Study of Bacterial Growth and Resistance Level to Certain Antibiotics
Escherichia coli—better known as E. coli—is a gram negative, rod shaped bacteria. It is relatively harmless, but can occasionally cause food poisoning. It can also provide Vitamin K2. It prevents the establishment of pathogenic bacteria, and is associated with or found in the intestinal organ. The antibiotic that E. coli is resistant to is Penicillin. Bacillus subtilis—better known as B. subtilis—is known as the hay bacillus or the grass bacillus. It is gram and catalase positive. It is rod-shaped, with the ability to form a tough, protective, shield around itself. It can tolerate extreme environmental conditions, and is an obligate aerob. The antibiotic that B. subtilis is resistant to is Tetracycline. When a bacteria is resistant to an antibiotic, it means that the antibiotic will have no effect in treating the bacteria. For example, E. coli is resistant to Penicillin, which means that if you were to try and treat E. coli with Penicillin, the treatment would fail and the E. coli bacteria would continue to grow. But, if you were to treat E. coli with Tetracycline, the antibiotic it is NOT resistant to, the E. coli would not be able to put up a fight, and would stop its growth. HA- If we add E. coli and B. subtilis to agar, and add Penicillin and Tetracycline to the agar, then the E. coli will grow more around the Penicillin and the B. subtilis will grow more around the Tetracycline, because E. coli is resistant to Penicillin and B. subtilis is resistant to Tetracycline. HO- If we add E. coli and B. subtilis to agar, and add Penicillin and Tetracycline to the agar, then the E. coli will grow more around the Tetracycline and the B. subtilis will grow more around the Penicillin, because E. coli is resistant to Tetracycline and B. subtilis is resistant to Penicillin.
MATERIALS (PER PAIR OF STUDENTS)
• 2 agar plates with nutrient sugar
• 2 disks of Penicillin
• 2 disks of Tetracycline
• 1 glass marking pencil
• 2 sterile swabs
• 2 pairs of forceps
• 1 roll of masking tape
• 1 metric ruler
MATERIALS (TEACHER STOCK)
• Culture of harmless strain of E. coli
• Culture of harmless strain of B. subtilis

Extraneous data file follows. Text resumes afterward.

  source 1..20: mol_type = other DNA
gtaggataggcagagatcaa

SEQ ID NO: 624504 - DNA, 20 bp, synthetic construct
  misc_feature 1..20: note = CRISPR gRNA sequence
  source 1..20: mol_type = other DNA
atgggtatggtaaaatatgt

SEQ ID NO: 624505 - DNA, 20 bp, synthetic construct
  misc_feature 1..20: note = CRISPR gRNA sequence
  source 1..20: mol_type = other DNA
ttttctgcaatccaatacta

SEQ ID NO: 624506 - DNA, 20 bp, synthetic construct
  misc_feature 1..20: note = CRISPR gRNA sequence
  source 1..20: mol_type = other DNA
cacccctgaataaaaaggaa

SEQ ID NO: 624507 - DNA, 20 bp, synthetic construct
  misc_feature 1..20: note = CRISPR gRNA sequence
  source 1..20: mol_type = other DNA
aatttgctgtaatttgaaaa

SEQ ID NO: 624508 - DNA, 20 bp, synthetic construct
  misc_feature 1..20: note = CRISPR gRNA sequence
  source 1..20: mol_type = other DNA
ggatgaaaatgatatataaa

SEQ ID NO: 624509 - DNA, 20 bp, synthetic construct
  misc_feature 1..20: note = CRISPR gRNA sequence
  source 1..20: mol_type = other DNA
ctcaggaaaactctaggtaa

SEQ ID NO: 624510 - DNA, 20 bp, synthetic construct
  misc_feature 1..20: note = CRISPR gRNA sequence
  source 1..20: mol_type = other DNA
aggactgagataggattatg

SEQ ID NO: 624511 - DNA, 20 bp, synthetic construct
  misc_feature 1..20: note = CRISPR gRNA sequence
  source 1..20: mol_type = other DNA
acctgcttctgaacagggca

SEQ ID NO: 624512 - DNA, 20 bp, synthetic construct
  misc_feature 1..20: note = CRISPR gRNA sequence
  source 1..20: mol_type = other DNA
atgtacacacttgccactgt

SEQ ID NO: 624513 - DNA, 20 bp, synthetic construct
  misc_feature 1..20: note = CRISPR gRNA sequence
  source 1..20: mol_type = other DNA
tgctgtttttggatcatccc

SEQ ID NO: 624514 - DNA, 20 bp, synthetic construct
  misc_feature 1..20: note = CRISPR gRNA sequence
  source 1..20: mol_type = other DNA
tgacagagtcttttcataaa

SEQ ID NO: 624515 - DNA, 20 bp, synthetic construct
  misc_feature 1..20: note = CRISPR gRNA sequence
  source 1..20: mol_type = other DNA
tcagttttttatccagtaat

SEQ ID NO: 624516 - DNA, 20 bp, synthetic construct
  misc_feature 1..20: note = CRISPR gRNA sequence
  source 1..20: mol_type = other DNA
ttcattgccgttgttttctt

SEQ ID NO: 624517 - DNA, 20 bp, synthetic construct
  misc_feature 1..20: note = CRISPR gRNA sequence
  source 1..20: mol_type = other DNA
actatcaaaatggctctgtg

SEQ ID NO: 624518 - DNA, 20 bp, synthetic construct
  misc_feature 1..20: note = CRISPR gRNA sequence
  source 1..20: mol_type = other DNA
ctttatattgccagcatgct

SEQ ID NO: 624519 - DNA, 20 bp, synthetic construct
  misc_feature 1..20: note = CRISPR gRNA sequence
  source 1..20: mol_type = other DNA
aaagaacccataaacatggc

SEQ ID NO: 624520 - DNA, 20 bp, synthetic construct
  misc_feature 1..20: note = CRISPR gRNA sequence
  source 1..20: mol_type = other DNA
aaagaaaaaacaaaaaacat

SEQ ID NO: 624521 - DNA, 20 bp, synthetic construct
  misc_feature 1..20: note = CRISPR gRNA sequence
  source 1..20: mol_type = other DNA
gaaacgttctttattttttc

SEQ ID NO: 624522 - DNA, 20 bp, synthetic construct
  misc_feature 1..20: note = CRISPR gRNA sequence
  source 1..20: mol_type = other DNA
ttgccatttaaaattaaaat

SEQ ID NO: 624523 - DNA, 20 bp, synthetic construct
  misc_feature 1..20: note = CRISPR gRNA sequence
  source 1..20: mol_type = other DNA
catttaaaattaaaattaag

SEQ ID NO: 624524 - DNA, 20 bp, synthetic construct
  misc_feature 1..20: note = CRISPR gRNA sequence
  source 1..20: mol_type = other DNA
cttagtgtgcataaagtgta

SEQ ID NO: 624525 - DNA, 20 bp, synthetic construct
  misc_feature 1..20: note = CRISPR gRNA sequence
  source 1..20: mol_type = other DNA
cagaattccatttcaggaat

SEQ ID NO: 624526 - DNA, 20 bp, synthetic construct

• Spray bottles with bleach
• Biohazard bag
PART A: SETTING UP THE EXPERIMENT
1) Put on goggles and plastic gloves.
2) Obtain two agar plates.
3) Using a sharpie, write your last name and bacteria type to label the petri dish lid.
4) Use the marking pencil to divide the bottom of each plate into thirds. In two of the sections, write an abbreviation for the antibiotic (P for Penicillin and T for Tetracycline) you will use. Label the third section as control (C for control).
5) Obtain the first bacterial culture from your teacher.
6) Transfer the culture to the agar plate based on your teacher’s directions using an incubator loop.
7) Repeat step 6 with the second bacterial culture and your second agar plate.
8) Open the lid of the agar plate in a “clam shell” method.
9) Using forceps, place the first antibiotic disk on the agar in the appropriate sections of the plates. Press the disks flat so that they stick to the surface of the agar. Don’t move the disks once they’re in place.
CAUTION: Do not touch the disk or the agar with your hands.
10) Use new forceps to place the second antibiotic disks on the agar plates in the proper sections. Don’t move the disk once it is in place.
11) Turn the plates upside down and incubate the culture overnight at 37 degrees Celsius, or for 2-3 days at room temperature.
PART B: OBSERVING THE PLATES
1) Examine each plate. Look in particular at the areas immediately around the three disks.
CAUTION: Do not uncover the plates.
2) Measure the diameter of any clear zones around the three...
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